Ethiopia expects the World Bank to decide this week whether to provide an additional $60 million of funding for an irrigation project in its Nile Basin, a Water and Energy Ministry official said.
The Washington-based lender provided $100 million since 2008 to support the Nile Basin Irrigation and Drainage Project, Hayalsew Yilma, program coordinator at the ministry, said in an interview yesterday in the Addis Ababa, the capital.
“We are negotiating with the bank for additional funding,” Hayalsew said. “It’s going to be presented to the bank’s board on June 23.”
The project aims to irrigate 20,000 hectares (49,421 acres) of land to help transform subsistence farmers in the area in northwestern Ethiopia into sellers of surplus crops. Studies are being conducted on the potential for an additional 97,000 hectares to be irrigated.
Ethiopia’s five-year growth plan aims to increase the amount of irrigated land fivefold to about 10,000 hectares by mid-2015, Hayalsew said. Bank funding may be forthcoming “as long as the projects do not cause significant harm to downstream countries,” he said. As much as 2.2 million hectares of Ethiopia’s 3.7 million hectares of irrigable land is in the Nile Basin, according to the ministry.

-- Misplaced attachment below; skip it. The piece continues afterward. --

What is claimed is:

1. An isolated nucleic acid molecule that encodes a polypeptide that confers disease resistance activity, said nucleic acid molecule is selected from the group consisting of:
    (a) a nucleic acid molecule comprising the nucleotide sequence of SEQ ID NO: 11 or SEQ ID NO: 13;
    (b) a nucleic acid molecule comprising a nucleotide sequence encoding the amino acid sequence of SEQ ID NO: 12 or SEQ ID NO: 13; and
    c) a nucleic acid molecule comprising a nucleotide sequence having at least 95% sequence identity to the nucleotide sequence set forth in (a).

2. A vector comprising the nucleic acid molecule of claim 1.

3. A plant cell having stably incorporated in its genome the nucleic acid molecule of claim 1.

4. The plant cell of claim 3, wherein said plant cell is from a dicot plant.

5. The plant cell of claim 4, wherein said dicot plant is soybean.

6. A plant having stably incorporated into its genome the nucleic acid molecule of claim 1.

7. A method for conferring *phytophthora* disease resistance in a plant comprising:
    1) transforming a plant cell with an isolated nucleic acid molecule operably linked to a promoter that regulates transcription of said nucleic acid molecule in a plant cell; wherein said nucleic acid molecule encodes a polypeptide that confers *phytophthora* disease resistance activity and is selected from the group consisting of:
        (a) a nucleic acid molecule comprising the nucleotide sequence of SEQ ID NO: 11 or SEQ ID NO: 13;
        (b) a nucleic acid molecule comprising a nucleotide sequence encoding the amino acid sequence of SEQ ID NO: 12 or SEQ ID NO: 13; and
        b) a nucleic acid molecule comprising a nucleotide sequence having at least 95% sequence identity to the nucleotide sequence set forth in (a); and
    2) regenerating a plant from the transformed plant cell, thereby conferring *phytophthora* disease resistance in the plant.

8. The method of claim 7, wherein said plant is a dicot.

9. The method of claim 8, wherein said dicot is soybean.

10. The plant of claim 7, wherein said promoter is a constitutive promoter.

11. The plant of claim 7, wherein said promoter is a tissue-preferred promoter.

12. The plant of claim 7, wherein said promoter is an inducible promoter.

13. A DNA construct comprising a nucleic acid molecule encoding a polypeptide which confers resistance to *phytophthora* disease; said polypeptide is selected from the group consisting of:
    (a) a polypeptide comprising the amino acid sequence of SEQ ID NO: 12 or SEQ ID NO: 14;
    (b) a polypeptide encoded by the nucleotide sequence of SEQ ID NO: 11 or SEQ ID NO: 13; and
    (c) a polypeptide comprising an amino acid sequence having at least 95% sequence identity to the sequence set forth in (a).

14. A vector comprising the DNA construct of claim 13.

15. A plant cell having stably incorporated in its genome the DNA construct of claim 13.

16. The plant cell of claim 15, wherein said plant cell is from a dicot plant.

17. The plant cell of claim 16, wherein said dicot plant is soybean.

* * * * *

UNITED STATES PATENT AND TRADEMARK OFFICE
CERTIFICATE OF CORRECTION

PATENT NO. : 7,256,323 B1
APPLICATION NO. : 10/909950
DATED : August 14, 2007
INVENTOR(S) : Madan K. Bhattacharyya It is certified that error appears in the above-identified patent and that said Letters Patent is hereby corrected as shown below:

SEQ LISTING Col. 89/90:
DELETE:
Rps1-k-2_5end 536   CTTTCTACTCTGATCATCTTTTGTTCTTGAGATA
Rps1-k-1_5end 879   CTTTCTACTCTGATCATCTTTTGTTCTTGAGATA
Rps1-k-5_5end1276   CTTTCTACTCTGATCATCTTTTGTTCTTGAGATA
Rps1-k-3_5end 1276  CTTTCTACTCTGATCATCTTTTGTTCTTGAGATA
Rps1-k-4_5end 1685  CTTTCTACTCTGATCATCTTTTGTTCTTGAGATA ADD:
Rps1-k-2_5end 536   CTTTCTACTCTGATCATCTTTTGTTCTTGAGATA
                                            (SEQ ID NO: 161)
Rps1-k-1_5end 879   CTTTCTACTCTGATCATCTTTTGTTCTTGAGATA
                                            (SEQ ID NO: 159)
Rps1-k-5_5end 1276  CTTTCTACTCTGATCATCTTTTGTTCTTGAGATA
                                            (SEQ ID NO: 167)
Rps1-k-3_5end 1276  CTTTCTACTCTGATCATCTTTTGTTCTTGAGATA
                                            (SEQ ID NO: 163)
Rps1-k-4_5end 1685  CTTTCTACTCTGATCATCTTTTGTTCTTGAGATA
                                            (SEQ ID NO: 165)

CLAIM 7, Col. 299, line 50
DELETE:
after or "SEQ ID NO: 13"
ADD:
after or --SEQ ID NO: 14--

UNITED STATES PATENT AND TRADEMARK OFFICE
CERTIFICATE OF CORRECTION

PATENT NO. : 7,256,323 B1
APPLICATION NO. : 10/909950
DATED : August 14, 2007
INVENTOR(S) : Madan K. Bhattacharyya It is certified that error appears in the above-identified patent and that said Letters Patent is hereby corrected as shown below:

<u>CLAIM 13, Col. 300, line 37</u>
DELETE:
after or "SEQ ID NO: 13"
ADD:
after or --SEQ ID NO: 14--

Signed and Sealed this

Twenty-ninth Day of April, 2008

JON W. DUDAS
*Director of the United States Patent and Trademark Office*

Increasing irrigation may boost food security in Africa’s second-most populous nation. About 3 million Ethiopians currently receive emergency assistance and another 7.8 million get food or cash under an aid program to support them, the United Nations said in April.
“Countries like Ethiopia are no longer looking at food security, poverty, and climate change separately,” World Bank spokesman Heather Worley said in an e-mailed response to questions on June 17. “Climate-smart agriculture and irrigation practices are key to solving food security issues and increasing crop yields.”
To contact the reporter on this story: William Davison in Addis Ababa via Nairobi at email@example.com.